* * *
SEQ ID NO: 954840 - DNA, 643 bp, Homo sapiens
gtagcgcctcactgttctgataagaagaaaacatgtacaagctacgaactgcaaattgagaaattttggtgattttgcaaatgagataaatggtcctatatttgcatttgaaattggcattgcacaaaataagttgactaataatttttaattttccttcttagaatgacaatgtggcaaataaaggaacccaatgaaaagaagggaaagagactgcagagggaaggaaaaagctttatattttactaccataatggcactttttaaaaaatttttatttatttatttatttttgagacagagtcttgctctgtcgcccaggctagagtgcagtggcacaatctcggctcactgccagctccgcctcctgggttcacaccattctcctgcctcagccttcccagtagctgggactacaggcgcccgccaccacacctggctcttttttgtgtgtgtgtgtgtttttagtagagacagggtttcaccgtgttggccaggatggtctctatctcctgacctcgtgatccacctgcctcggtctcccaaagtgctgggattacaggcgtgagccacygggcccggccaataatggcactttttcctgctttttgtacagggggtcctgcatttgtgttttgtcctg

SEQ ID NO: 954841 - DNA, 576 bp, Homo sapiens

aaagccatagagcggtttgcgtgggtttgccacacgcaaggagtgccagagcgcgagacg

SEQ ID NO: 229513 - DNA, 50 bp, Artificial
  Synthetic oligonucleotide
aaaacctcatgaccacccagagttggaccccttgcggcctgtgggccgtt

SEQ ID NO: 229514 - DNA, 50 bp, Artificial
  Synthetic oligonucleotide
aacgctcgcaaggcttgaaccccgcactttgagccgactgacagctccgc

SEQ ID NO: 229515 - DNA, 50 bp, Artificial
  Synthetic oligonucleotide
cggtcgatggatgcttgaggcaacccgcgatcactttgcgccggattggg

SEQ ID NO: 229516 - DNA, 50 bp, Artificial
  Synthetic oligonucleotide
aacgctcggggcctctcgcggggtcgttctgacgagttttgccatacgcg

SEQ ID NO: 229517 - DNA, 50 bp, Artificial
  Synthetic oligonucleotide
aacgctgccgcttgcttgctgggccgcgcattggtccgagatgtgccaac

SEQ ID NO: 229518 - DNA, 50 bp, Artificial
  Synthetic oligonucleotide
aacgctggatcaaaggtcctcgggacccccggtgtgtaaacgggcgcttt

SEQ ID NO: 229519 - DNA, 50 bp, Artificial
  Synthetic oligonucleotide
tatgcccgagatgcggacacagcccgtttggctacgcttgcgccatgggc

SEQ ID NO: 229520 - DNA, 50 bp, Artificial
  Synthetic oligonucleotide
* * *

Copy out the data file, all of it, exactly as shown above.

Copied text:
SEQ ID NO: 954840 - DNA, 643 bp, Homo sapiens
gtagcgcctcactgttctgataagaagaaaacatgtacaagctacgaactgcaaattgagaaattttggtgattttgcaaatgagataaatggtcctatatttgcatttgaaattggcattgcacaaaataagttgactaataatttttaattttccttcttagaatgacaatgtggcaaataaaggaacccaatgaaaagaagggaaagagactgcagagggaaggaaaaagctttatattttactaccataatggcactttttaaaaaatttttatttatttatttatttttgagacagagtcttgctctgtcgcccaggctagagtgcagtggcacaatctcggctcactgccagctccgcctcctgggttcacaccattctcctgcctcagccttcccagtagctgggactacaggcgcccgccaccacacctggctcttttttgtgtgtgtgtgtgtttttagtagagacagggtttcaccgtgttggccaggatggtctctatctcctgacctcgtgatccacctgcctcggtctcccaaagtgctgggattacaggcgtgagccacygggcccggccaataatggcactttttcctgctttttgtacagggggtcctgcatttgtgttttgtcctg

SEQ ID NO: 954841 - DNA, 576 bp, Homo sapiens

aaagccatagagcggtttgcgtgggtttgccacacgcaaggagtgccagagcgcgagacg

SEQ ID NO: 229513 - DNA, 50 bp, Artificial
  Synthetic oligonucleotide
aaaacctcatgaccacccagagttggaccccttgcggcctgtgggccgtt

SEQ ID NO: 229514 - DNA, 50 bp, Artificial
  Synthetic oligonucleotide
aacgctcgcaaggcttgaaccccgcactttgagccgactgacagctccgc

SEQ ID NO: 229515 - DNA, 50 bp, Artificial
  Synthetic oligonucleotide
cggtcgatggatgcttgaggcaacccgcgatcactttgcgccggattggg

SEQ ID NO: 229516 - DNA, 50 bp, Artificial
  Synthetic oligonucleotide
aacgctcggggcctctcgcggggtcgttctgacgagttttgccatacgcg

SEQ ID NO: 229517 - DNA, 50 bp, Artificial
  Synthetic oligonucleotide
aacgctgccgcttgcttgctgggccgcgcattggtccgagatgtgccaac

SEQ ID NO: 229518 - DNA, 50 bp, Artificial
  Synthetic oligonucleotide
aacgctggatcaaaggtcctcgggacccccggtgtgtaaacgggcgcttt

SEQ ID NO: 229519 - DNA, 50 bp, Artificial
  Synthetic oligonucleotide
tatgcccgagatgcggacacagcccgtttggctacgcttgcgccatgggc

SEQ ID NO: 229520 - DNA, 50 bp, Artificial
  Synthetic oligonucleotide